Director: Guy Ritchie
Cast: Andy Beckwith,Ewen Bremner, Brad Pitt, Benicio Del Toro, Dennis Farina
MPAA Rating: (for strong violence, language and some nudity)
Running Time: 1:43
Release Date: 1/19/01
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Review by Mark Dujsik
I think Guy Ritchie can only make one kind of movie. His newest film Snatch is basically a rehash of his previous Lock, Stock, and Two Smoking Barrels. Heís lucky that both these movies are very entertaining. In truth, it is impossible to comment on Snatch without comparing it to Ritchieís previous film. I enjoyed Lock, Stock but felt empty at the end of the movie. I didnít know what had happened, and I felt cheated. Snatch is definitely more successful but just as entertaining.
Ritchie has created a seedy London underworld in these two films that mixes the mob with Looney Tunes. Itís a bizarre combination, and Ritchie has obviously put a lot of thought into his creation. I donít know if Ritchie has ties to this underworld, but on instinct, I would say no. I doubt these people could exist in real life; their existence would perplex the most enlightened philosopher. However, I am grateful Ritchie has brought them to the screen to weave in and out of each otherís lives and entertain those lucky enough to watch them.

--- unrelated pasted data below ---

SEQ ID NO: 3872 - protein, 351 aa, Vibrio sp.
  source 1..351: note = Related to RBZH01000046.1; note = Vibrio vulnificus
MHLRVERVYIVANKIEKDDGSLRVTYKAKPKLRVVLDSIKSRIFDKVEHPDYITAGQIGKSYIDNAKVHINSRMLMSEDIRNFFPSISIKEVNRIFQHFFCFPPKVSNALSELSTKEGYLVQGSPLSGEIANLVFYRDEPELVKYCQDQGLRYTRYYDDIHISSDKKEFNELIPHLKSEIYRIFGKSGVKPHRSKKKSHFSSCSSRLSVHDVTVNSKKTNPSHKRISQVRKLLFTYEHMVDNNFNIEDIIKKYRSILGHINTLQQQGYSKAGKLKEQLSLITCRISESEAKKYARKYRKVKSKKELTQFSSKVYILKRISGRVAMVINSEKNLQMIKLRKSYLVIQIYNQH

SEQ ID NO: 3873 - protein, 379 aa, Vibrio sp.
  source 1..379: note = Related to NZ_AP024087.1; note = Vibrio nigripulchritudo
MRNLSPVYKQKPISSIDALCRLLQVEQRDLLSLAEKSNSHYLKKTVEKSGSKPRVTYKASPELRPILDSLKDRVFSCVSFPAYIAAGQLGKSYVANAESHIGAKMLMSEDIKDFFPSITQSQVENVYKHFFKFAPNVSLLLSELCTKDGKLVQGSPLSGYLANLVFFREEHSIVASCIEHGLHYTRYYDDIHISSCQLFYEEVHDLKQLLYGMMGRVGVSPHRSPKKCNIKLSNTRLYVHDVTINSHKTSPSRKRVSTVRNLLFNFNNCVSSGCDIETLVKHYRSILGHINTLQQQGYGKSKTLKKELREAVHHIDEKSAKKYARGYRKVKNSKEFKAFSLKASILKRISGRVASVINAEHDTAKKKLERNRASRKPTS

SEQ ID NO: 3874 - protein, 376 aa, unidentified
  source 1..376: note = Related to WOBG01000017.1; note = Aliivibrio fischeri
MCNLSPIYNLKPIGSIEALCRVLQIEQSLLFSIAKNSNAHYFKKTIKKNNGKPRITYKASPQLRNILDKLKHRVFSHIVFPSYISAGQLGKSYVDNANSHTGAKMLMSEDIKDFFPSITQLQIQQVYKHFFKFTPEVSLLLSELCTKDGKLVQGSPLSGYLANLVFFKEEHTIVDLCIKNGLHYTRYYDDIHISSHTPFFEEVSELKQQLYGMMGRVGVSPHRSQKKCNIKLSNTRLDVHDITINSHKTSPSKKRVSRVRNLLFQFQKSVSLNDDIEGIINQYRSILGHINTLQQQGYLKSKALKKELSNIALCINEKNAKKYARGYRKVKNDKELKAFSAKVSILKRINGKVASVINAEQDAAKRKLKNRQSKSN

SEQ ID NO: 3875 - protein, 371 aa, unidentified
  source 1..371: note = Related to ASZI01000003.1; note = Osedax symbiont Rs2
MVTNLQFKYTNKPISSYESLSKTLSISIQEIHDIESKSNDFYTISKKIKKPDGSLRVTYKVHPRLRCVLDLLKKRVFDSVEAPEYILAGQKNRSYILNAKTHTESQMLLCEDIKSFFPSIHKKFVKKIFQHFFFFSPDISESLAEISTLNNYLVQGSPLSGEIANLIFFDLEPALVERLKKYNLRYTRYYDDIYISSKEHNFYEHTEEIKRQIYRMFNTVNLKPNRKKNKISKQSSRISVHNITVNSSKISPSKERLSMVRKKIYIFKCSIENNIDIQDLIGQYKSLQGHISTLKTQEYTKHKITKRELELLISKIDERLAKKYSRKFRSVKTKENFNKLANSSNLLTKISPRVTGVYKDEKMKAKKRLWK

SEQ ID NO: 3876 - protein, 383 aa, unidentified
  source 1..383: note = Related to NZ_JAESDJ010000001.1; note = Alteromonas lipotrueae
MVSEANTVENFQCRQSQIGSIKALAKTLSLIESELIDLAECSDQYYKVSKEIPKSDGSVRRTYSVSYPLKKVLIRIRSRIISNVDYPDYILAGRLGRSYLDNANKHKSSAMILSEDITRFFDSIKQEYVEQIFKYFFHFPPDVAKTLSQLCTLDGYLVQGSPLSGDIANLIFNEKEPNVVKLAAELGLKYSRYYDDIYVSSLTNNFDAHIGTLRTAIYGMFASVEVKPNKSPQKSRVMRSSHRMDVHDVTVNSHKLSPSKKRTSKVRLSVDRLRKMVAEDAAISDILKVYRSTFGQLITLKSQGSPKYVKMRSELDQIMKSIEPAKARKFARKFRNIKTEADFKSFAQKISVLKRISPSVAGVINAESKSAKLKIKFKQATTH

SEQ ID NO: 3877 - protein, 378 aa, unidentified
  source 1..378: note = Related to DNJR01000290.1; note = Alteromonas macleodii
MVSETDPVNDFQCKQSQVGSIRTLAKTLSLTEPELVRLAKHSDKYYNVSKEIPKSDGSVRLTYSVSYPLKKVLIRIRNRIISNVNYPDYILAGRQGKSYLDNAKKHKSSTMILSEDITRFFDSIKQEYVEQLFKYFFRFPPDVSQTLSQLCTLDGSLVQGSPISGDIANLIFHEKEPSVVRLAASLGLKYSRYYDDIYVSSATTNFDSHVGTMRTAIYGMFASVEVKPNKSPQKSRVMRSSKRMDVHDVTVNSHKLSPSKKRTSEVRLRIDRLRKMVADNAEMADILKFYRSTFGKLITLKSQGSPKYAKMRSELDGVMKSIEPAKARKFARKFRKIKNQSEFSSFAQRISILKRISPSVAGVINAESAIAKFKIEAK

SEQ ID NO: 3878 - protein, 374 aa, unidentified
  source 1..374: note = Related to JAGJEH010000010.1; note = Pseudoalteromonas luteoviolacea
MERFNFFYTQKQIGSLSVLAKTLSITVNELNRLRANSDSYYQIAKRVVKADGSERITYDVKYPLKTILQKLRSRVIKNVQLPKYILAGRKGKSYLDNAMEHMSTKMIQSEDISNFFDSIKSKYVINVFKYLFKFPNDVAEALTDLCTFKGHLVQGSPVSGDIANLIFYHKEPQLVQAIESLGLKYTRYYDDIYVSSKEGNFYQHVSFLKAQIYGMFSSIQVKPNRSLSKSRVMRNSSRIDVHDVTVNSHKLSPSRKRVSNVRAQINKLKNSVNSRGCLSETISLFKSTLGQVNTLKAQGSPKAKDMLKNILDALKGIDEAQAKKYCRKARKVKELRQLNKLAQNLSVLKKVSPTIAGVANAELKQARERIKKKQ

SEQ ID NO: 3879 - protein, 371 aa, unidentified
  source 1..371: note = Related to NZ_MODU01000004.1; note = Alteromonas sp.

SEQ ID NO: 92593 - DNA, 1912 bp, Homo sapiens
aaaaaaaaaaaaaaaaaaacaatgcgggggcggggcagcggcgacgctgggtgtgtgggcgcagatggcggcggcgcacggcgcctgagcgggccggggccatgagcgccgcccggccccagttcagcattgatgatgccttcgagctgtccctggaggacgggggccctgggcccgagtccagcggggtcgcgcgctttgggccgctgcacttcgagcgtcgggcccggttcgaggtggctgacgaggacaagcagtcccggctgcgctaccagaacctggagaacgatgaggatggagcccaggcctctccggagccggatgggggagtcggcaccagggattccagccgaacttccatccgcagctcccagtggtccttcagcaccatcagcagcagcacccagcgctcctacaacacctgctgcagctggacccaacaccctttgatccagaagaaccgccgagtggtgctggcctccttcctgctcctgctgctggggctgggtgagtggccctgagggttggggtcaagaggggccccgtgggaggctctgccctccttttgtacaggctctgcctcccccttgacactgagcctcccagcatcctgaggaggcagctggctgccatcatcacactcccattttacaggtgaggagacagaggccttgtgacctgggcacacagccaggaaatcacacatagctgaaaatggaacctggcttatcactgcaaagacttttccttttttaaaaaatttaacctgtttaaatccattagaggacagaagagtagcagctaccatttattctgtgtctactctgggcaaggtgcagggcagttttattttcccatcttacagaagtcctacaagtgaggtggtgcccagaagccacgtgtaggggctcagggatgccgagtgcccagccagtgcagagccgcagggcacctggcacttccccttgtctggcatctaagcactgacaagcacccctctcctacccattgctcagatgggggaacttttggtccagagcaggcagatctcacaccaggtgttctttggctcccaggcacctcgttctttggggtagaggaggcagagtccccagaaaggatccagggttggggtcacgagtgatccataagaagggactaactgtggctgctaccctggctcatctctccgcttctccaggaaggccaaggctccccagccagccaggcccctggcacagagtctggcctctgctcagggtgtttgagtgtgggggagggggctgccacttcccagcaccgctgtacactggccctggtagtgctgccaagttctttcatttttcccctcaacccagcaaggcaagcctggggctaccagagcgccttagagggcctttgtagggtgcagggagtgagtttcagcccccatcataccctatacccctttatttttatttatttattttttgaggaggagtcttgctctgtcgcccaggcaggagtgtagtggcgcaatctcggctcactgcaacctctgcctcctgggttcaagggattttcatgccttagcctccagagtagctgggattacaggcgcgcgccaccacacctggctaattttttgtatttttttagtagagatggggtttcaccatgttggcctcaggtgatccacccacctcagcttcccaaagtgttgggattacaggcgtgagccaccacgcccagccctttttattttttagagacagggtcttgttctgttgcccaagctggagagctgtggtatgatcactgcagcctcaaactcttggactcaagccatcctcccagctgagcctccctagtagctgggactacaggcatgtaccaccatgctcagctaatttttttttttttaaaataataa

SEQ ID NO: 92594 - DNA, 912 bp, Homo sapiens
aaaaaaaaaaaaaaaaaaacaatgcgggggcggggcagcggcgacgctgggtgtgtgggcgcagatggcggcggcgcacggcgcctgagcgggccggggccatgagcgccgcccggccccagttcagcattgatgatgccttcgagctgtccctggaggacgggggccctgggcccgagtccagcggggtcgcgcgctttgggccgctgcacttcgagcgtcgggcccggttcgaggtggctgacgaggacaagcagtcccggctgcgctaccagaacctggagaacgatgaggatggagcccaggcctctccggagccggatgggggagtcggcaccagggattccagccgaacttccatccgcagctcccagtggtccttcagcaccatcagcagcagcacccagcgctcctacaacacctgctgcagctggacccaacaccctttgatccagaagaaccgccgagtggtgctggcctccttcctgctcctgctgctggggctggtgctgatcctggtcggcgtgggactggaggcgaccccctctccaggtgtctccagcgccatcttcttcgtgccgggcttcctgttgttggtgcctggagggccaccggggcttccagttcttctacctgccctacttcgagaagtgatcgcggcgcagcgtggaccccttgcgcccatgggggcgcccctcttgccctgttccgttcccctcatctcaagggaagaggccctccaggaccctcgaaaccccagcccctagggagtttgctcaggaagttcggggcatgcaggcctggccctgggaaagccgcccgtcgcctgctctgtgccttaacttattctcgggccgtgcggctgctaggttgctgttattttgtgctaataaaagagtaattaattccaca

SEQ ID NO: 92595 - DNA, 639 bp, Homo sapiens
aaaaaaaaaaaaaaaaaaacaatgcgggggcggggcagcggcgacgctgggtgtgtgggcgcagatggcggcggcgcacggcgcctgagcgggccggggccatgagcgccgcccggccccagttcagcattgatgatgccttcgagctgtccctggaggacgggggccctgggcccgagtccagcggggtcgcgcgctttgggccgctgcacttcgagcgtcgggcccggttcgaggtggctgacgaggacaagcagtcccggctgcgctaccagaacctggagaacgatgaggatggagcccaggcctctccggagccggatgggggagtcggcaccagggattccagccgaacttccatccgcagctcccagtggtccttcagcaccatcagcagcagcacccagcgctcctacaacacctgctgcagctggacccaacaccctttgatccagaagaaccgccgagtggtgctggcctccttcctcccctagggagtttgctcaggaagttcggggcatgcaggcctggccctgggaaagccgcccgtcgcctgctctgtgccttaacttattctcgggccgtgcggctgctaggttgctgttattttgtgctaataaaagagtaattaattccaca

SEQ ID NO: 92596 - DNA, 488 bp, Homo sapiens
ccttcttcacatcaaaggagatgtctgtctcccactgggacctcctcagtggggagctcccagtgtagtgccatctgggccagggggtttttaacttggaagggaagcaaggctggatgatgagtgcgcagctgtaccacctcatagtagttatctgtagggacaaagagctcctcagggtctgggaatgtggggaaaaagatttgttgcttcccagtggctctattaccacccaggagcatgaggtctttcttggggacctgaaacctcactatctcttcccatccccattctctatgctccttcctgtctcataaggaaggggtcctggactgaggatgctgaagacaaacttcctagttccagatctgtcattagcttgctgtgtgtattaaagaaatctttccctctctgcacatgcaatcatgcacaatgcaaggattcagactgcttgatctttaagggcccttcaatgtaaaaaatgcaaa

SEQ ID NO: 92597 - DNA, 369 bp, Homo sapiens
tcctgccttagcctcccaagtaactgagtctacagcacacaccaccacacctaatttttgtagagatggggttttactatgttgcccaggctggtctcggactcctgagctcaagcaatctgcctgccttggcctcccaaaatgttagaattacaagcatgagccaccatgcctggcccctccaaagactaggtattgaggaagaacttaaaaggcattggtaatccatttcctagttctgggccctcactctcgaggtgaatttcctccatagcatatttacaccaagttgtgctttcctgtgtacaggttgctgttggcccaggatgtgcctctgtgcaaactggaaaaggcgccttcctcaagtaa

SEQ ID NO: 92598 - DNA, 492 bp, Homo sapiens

Any attempt to summarize the plot is set to fail. Like Lock, Stock, Snatch is full of twists and turns, and unless you just give yourself into the movieís story, youíll be lost. Basically, the plot follows an 86-karat diamond as it exchanges owners. They include people with names like Franky Four Fingers (Benicio Del Toro), Bullet Tooth Tony (Vinnie Jones), Boris the Blade (Rade Serbedzija), and many more. Thereís also a gypsy boxer named Mickey who no one can understand. Brad Pitt plays Mickey, and he steals every scene heís in. Dennis Farina is another stand-out as Cousin Avi; itís his best work since Get Shorty. Also worth mentioning is a squeaking dog who also has a knack for stealing scenes.
How these charactersí stories intertwine and their ultimate destiny at the hands of fate provide the best moments of the movie. We appreciate Ritchieís audacity to let the most absurd things happen, and we stare in disbelief with the characters when they do.
Ritchie knows exactly what heís doing, and itís a treat to be hit by all the surprises he has in store for us. The movie has many big laughs, and all the actors seem to be having a lot of fun with their eccentric characters. The dialogue shines, and the story, no matter how confusing, never gets boring. This is mostly because the movie has style and energy to spare, and Ritchie is completely in command of his script.
Snatch surpasses Lock, Stock in one significant way. By the end of the movie, I actually understood what had transpired in the events before. I couldnít explain exactly what happens, and if I could, I wouldnít. Itís too much fun to get there on your own.
Copyright © 2001 by Mark Dujsik. All rights reserved.